On the other hand, we could be turning things around for worst. “Art washing” is nothing new, yet in Mexico City this topic has been discussed very little. Gentrification is a big part of the capitalist development project that the city council has been strongly imposing over the past decade. This is an urban issue that puts everyone and everything in real danger, the government in collusion with real state enterprise and mass media are well known to be behind this. Unfortunately I think artists are involuntarily (most of them) a big part of this problem, which in fact makes us accomplices in the issue. We as a community need to become critical towards the instrumentalization of culture in profiting real estate speculation.
**Everything about LADRÓN seems to be a paradox…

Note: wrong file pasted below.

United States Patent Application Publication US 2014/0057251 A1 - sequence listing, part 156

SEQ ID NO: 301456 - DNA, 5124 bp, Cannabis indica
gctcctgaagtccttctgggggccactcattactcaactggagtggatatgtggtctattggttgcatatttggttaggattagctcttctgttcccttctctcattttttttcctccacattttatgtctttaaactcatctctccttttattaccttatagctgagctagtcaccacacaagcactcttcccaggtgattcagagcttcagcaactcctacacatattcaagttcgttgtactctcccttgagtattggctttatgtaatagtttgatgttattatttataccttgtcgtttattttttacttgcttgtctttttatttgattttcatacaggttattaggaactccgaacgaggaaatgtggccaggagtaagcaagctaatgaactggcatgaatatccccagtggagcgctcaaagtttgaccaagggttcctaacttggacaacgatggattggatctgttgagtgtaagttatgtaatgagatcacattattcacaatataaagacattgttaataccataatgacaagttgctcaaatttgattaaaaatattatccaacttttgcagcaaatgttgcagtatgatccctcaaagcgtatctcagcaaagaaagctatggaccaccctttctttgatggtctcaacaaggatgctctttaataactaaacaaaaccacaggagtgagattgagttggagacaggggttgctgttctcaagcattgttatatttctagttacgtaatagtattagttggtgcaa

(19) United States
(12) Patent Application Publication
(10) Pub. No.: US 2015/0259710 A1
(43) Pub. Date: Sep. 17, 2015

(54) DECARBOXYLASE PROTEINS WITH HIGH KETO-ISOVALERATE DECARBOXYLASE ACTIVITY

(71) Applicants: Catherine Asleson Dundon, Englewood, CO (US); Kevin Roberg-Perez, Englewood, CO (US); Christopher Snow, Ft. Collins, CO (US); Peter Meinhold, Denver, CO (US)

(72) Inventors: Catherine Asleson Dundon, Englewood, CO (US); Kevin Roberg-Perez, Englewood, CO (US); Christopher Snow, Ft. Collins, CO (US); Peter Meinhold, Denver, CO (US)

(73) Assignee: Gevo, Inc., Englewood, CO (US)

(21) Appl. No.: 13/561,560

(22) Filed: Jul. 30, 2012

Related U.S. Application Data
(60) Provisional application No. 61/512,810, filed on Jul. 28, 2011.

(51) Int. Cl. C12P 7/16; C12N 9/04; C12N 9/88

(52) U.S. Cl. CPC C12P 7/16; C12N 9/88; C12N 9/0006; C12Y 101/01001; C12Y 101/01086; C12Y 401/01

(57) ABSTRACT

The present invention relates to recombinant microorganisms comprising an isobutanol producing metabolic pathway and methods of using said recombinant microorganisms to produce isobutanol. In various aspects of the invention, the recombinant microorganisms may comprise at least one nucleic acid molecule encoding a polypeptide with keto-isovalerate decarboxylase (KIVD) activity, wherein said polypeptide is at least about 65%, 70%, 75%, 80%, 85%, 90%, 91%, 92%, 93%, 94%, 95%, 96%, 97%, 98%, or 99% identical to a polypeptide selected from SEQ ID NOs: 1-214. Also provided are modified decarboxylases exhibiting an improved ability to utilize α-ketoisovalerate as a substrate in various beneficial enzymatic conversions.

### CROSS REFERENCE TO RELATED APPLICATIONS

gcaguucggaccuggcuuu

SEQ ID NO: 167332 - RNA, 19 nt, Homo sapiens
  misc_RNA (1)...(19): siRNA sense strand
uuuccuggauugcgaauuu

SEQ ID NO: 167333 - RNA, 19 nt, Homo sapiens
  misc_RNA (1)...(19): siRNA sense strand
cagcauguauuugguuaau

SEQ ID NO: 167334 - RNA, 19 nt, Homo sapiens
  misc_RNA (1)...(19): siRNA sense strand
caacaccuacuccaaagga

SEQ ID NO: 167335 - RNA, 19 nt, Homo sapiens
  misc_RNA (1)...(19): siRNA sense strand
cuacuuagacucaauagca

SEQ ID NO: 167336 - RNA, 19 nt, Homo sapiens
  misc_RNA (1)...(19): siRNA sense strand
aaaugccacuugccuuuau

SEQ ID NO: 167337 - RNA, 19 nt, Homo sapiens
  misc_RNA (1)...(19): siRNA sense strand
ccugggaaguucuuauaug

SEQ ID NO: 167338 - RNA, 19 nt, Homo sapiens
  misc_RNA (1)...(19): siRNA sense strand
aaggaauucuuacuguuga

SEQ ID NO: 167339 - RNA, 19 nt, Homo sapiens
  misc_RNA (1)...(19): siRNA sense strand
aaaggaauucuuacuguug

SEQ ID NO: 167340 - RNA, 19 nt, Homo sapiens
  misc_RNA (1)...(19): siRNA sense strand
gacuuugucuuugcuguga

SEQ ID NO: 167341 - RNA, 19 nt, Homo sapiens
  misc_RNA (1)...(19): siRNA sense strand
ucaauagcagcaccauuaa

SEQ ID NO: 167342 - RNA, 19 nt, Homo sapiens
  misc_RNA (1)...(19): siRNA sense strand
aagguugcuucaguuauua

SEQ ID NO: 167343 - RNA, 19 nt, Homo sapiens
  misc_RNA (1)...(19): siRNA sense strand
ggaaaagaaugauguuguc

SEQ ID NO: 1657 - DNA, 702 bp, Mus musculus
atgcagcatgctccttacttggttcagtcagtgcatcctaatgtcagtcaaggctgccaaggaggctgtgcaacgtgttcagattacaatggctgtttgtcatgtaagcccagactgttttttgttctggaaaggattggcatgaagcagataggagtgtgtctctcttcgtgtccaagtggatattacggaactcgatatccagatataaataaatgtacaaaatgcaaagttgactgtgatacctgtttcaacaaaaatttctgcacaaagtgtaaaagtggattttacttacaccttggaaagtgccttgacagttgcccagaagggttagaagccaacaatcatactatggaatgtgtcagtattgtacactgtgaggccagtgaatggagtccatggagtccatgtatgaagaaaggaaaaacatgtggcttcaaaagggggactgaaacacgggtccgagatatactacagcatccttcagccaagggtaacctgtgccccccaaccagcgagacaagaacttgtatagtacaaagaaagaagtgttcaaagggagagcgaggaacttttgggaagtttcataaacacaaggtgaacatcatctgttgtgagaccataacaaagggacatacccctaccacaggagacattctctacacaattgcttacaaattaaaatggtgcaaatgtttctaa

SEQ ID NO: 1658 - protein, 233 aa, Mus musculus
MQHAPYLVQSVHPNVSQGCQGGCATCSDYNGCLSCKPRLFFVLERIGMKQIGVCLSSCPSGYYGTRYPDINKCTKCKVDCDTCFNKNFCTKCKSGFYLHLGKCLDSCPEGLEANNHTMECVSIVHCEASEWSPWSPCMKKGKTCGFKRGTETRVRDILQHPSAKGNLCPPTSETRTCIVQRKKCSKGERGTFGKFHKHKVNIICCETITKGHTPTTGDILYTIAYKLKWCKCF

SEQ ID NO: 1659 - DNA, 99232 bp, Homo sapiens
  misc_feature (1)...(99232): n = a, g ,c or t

MW: Not only LADRÓN… This subject has been widely discussed in the past, with impressive arguments on both sides. For better or worse we are contemporary artists and that’s what we like to do, so we don’t have any other choice rather than playing within the existing structure of contemporary art. However, because of our social background we basically and intrinsically resent bourgeois culture, but also as artists we choose not to identify with any kind of counter cultural political avant garde. So what to identify with???
**So LADRÓN is this middle ground between the polarities of ‘high’ and ‘low’ culture?